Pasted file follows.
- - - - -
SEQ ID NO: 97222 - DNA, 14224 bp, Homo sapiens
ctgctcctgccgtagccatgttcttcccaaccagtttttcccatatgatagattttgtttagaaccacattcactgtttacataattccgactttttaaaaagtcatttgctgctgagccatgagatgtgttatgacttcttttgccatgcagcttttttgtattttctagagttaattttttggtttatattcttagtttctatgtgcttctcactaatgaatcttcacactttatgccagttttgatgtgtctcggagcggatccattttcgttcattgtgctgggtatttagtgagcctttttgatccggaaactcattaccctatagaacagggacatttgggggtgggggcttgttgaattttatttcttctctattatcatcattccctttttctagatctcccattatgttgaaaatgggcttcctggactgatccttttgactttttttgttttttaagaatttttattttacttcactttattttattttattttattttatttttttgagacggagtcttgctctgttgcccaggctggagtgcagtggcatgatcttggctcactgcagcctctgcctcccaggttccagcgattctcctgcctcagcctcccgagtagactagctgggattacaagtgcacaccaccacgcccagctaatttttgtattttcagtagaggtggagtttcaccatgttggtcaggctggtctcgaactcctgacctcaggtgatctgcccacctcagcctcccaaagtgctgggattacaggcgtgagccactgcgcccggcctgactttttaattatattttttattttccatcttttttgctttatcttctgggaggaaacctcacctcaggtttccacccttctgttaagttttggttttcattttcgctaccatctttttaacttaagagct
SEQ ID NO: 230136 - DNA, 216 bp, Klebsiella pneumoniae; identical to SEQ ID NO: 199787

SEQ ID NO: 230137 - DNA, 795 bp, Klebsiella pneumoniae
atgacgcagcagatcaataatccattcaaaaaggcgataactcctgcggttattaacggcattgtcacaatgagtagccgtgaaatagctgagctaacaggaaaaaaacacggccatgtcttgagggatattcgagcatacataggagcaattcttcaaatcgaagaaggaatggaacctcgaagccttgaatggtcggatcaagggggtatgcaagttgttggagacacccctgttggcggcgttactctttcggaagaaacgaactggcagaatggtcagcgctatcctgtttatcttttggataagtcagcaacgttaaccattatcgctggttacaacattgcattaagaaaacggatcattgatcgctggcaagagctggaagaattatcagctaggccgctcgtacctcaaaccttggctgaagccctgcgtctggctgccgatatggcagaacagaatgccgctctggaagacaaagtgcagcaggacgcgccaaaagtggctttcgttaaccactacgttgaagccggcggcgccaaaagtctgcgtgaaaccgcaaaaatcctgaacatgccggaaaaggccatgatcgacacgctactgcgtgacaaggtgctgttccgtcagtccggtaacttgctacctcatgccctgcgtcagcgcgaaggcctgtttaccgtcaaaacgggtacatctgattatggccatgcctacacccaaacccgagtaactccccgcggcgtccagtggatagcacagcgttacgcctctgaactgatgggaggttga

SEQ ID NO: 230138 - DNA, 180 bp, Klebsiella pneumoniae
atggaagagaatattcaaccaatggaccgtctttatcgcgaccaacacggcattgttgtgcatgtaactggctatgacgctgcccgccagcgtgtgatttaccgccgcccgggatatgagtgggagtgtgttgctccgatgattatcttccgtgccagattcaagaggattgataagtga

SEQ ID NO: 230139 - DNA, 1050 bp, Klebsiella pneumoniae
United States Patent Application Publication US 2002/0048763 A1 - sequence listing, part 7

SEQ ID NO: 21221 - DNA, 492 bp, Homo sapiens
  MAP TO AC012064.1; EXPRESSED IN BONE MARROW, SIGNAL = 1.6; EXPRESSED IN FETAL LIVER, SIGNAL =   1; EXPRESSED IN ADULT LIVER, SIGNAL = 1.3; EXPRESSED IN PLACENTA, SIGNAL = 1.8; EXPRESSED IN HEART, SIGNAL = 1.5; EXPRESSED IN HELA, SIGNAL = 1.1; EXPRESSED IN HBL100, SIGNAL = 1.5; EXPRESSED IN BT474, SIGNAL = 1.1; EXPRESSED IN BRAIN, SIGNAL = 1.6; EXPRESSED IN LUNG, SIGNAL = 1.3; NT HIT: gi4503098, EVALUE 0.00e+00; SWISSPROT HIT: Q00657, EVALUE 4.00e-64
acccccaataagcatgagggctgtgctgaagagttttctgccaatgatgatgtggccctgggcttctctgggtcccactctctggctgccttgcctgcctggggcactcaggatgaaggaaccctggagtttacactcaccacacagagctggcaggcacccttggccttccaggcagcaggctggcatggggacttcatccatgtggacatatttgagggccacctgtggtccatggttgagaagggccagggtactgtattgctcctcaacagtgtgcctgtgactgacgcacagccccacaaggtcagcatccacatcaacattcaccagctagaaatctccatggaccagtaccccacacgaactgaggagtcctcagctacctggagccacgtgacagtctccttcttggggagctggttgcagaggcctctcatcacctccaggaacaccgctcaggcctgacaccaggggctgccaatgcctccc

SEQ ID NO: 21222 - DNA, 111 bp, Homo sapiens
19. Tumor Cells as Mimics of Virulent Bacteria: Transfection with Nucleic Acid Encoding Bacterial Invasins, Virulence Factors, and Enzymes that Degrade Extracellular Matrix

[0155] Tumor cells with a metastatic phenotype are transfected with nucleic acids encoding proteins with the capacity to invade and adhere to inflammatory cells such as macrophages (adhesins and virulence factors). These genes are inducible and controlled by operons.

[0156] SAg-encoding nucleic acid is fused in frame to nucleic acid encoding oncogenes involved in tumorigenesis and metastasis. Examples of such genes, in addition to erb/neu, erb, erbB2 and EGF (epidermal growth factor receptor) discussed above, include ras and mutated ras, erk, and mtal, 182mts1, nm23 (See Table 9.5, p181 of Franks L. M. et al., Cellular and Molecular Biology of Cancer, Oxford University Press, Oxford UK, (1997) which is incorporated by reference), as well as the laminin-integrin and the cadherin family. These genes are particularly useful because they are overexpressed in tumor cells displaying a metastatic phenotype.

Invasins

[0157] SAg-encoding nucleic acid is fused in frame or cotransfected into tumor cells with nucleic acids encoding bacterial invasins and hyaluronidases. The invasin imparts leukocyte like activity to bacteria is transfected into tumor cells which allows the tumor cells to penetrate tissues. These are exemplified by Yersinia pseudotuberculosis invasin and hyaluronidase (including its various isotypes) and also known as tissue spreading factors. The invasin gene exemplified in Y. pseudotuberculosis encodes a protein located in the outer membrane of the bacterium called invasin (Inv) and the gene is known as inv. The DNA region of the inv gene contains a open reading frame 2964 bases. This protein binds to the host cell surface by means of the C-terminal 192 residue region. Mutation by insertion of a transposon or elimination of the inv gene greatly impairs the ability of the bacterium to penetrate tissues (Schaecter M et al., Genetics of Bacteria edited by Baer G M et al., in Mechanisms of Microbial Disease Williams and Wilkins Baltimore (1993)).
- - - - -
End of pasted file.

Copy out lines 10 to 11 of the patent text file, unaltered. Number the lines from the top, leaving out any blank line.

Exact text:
SEQ ID NO: 21221 - DNA, 492 bp, Homo sapiens
  MAP TO AC012064.1; EXPRESSED IN BONE MARROW, SIGNAL = 1.6; EXPRESSED IN FETAL LIVER, SIGNAL =   1; EXPRESSED IN ADULT LIVER, SIGNAL = 1.3; EXPRESSED IN PLACENTA, SIGNAL = 1.8; EXPRESSED IN HEART, SIGNAL = 1.5; EXPRESSED IN HELA, SIGNAL = 1.1; EXPRESSED IN HBL100, SIGNAL = 1.5; EXPRESSED IN BT474, SIGNAL = 1.1; EXPRESSED IN BRAIN, SIGNAL = 1.6; EXPRESSED IN LUNG, SIGNAL = 1.3; NT HIT: gi4503098, EVALUE 0.00e+00; SWISSPROT HIT: Q00657, EVALUE 4.00e-64